"Preggers" was written and directed by Glee's executive producer and co-creator Brad Falchuk. Kurt Fuller guest stars as local news station owner Mr. McClung. The episode features covers of "Taking Chances" by Celine Dion and "Tonight" from West Side Story. Beyoncé Knowles' "Single Ladies (Put a Ring on It)" is also featured in several dance performances. Kurt's backup dancers for "Single Ladies (Put a Ring on It)" are series regular Tina (Jenna Ushkowitz) and recurring character Brittany (Heather Morris). Dancer Morris was one of Beyonce's backup dancers for "Single Ladies (Put a Ring on It)" appearing on The Today Show, Ellen, and others. A studio recording of "Taking Chances" was released as a single, available for digital download, and appeared on the album Glee: The Music, Volume 1. The track charted at number 79 in Australia, 73 in Canada and 71 in the United States.
The scene in which Kurt comes out to his father was taken verbatim from series creator Ryan Murphy's own life. Murphy felt that the scene was "a great thing to put on television", as, while audiences have seen gay characters isolated and attacked, they have rarely seen them ultimately winning and triumphing. He commented that: "The show is about making you feel good in the end. It's about happy endings and optimism and the power of your personal journey and making you feel that the weird thing about me is the great thing about me. I’ve done other shows with gay characters, and I will say that in many of those cases, the gay characters didn't have a happy ending. And I thought you know what? Enough." Colfer has commented that his biggest challenge was in ensuring the scene felt "honest" and not comical or "used as a punchline". He explained: "I think it's probably the first time a character's sexuality has been respected and almost dignified in a way, and I think that's really important, and there needs to be more of that on TV."
"Preggers" was watched by 6.64 million United States viewers and attained a 3.1/8 rating/share in the 18-49 demographic. It was the twenty-second most watched show in Canada for the week of broadcast, with 1.39 million viewers. In the UK, the episode was watched by 1.804 million viewers (1.397 million on E4, and 407,000 on timeshift), becoming the most-watched show on E4 and E4+1 for the week, and the most-watched show on cable for the week, as well as the most watched episode of the series at the time. The episode received mixed reviews from critics. Shawna Malcom for the Los Angeles Times reviewed the episode positively, praising the football team's performance of the "Single Ladies" dance and Kurt coming out to his father. Malcom also commented positively on the show's fast pacing; however, Mike Hale of the New York Post was less favorable, deeming the episode "overstuffed with story lines". He felt that key characters did not receive enough screentime, and that: "There was so much exposition going on that there didn’t seem to be much room for laughs."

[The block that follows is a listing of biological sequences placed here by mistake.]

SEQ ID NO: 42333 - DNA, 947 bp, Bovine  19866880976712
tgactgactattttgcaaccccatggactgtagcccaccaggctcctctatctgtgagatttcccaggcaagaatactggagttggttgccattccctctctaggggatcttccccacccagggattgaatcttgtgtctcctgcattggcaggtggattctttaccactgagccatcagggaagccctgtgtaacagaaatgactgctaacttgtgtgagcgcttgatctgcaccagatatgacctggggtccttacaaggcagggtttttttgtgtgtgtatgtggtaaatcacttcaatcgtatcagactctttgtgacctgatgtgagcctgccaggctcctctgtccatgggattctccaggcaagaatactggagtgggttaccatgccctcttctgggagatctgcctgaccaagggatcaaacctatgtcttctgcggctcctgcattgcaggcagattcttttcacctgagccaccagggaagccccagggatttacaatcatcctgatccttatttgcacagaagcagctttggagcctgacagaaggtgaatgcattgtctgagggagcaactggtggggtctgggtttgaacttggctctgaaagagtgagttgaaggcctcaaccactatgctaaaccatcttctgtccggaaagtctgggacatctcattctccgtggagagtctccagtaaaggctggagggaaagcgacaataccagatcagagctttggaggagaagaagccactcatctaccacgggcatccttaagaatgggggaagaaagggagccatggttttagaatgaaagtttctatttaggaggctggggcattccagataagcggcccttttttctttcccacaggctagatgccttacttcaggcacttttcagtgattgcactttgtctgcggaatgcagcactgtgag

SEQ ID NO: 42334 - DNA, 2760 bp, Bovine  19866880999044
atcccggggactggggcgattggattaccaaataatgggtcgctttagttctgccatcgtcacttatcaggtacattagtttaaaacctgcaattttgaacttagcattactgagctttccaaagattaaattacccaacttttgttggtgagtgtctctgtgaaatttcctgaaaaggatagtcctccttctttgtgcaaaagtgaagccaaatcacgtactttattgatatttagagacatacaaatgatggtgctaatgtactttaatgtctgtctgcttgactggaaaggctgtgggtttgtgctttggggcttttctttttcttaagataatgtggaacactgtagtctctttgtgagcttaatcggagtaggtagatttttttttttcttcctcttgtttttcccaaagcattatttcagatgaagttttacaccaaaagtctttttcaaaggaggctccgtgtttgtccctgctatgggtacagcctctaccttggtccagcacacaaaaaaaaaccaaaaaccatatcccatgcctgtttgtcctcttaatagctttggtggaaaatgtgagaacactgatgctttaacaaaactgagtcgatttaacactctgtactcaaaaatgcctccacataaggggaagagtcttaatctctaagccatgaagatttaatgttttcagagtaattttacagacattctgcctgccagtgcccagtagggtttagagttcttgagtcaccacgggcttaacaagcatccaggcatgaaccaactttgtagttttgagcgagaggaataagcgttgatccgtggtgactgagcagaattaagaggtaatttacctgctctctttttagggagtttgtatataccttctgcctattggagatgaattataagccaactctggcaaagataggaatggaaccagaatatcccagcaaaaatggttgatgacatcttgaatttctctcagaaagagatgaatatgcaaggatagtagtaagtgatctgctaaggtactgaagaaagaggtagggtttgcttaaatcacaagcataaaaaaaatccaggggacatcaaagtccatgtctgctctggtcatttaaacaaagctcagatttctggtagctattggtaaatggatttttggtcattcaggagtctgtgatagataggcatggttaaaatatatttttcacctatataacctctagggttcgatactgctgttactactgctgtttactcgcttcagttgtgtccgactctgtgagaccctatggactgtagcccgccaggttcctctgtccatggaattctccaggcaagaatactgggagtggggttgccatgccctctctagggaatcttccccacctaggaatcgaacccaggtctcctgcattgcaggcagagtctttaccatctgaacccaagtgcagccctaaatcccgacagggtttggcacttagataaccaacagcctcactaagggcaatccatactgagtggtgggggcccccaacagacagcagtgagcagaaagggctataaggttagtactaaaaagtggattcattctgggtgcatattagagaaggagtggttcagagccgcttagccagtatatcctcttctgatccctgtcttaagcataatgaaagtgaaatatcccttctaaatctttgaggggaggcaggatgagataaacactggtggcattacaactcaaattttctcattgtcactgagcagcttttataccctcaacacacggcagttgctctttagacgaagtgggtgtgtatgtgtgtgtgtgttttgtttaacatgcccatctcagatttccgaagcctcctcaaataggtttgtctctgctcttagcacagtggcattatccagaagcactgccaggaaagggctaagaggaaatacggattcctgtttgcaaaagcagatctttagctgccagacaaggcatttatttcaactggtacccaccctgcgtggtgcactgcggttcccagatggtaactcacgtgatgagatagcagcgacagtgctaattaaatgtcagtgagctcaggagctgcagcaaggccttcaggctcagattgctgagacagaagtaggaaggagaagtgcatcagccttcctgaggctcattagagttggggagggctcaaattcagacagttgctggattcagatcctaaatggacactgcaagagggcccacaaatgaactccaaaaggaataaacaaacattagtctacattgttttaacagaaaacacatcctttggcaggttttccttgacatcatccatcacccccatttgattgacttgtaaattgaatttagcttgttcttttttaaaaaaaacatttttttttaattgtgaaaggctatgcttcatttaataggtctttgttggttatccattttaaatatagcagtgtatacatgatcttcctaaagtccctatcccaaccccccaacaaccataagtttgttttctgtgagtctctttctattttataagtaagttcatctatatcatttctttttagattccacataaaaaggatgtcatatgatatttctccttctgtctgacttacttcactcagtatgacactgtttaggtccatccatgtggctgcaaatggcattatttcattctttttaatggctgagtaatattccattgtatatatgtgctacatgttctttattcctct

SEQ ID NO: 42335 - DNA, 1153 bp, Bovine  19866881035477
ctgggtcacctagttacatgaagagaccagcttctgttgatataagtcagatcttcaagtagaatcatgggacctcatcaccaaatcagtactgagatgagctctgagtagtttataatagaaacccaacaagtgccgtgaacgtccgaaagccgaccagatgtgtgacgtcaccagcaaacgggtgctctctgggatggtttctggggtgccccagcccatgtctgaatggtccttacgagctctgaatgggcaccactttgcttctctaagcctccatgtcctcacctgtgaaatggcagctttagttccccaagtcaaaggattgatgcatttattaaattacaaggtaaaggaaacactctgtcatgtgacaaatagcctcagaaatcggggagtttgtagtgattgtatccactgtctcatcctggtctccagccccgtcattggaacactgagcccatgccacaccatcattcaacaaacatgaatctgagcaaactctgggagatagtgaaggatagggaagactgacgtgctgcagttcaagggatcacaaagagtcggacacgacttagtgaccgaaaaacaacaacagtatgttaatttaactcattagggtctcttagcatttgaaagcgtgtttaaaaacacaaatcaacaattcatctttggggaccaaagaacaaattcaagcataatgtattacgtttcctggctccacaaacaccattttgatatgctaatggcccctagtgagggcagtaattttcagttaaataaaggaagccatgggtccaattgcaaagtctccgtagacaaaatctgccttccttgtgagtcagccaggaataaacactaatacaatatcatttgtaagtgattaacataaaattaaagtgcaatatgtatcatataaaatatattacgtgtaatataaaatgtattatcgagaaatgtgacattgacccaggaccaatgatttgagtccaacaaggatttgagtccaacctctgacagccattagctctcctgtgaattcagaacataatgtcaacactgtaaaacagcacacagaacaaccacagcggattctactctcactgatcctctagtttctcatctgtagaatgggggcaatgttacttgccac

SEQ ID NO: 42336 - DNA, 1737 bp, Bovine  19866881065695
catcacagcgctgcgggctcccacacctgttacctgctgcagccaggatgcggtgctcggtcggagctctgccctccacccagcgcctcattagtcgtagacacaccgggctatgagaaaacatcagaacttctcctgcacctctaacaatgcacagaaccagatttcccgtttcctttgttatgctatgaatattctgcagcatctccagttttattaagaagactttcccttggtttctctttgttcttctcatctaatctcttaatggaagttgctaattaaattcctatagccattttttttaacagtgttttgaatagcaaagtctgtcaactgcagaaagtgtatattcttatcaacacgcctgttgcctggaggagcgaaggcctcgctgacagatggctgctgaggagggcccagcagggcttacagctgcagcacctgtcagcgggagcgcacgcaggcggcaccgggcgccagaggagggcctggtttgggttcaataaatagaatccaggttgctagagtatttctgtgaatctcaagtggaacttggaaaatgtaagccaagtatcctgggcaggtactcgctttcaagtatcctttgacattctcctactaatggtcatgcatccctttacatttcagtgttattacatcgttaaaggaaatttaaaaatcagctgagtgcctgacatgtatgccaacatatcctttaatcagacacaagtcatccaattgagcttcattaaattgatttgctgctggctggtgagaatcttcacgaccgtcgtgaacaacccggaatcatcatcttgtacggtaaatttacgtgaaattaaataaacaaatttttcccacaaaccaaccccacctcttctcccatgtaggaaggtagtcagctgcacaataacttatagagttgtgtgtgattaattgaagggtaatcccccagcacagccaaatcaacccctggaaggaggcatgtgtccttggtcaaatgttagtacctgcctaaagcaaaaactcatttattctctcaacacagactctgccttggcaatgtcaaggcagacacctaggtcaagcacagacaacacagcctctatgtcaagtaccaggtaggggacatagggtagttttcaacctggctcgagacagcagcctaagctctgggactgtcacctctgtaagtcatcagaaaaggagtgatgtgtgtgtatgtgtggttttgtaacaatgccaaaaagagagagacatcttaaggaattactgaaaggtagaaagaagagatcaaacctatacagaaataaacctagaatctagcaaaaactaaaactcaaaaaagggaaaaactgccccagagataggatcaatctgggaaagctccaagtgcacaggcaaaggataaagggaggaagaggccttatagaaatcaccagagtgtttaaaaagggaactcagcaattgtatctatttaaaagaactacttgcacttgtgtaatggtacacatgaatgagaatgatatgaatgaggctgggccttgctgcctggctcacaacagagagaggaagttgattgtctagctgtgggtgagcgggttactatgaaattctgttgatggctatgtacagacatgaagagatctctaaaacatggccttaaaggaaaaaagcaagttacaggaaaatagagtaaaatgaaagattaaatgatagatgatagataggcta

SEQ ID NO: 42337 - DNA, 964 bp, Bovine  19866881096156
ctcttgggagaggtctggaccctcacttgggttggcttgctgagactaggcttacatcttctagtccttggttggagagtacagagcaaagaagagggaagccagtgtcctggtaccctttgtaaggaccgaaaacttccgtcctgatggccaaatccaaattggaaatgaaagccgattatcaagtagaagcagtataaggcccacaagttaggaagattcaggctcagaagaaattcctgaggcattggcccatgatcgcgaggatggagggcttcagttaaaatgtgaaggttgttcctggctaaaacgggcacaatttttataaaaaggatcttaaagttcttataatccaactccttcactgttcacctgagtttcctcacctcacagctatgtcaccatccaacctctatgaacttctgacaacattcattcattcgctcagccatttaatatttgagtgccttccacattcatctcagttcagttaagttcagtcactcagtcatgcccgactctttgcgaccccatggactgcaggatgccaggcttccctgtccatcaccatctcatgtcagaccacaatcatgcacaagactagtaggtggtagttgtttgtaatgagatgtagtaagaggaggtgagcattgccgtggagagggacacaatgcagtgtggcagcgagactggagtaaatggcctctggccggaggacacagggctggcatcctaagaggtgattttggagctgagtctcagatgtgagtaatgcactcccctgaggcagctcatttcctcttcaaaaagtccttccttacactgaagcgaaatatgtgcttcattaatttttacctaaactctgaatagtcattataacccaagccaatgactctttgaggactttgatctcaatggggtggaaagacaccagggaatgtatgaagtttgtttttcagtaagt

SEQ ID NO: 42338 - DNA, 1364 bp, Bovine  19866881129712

Tim Stack for Entertainment Weekly wrote that, although the dancing in the episode was fun, "Preggers" was lacking in "big singing moments" apart from Rachel's performance of "Taking Chances". He deemed Quinn's pregnancy "a good dramatic twist", but hoped that it would not be a long-lasting storyline. Eric Goldman of IGN rated the episode 8.8 out of 10. He called the "Single Ladies" performance "a memorable TV moment", and wrote that Quinn's pregnancy was a "very soap opera plotline" however commented: "luckily Glee is the kind of show to handle it with humor."
James Poniewozik for Time deemed Kurt's coming out "beautifully handled", commenting: "the fact that Dad (Mike O'Malley, who has turned out to be a pretty good character actor) ends up not being the boor we think he's going to be is one of the first signs that Glee is growing up as a series, that having established a world of primary-color stereotypes, it's now willing to subvert those expectations." Raymund Flandez of The Wall Street Journal criticized Rachel's actions in the episode, and felt that: "Rachel has become insufferable. The disagreements with Mr. Schue about her own development as a bona fide triple-threat have branded her as an overbearing prima donna to the rest of Glee."
The comedic pairing of Sue and Sandy attracted some praise, with Stack deeming them "the best villains ever". Goldman said that: "Tobolowsky is terrific in this role, as Sandy manages to make everything he says [...] sound amazingly disturbing." Hale criticized Lynch as Sue, however, writing that she gave a "one-note performance", suggesting that she had been miscast in the role.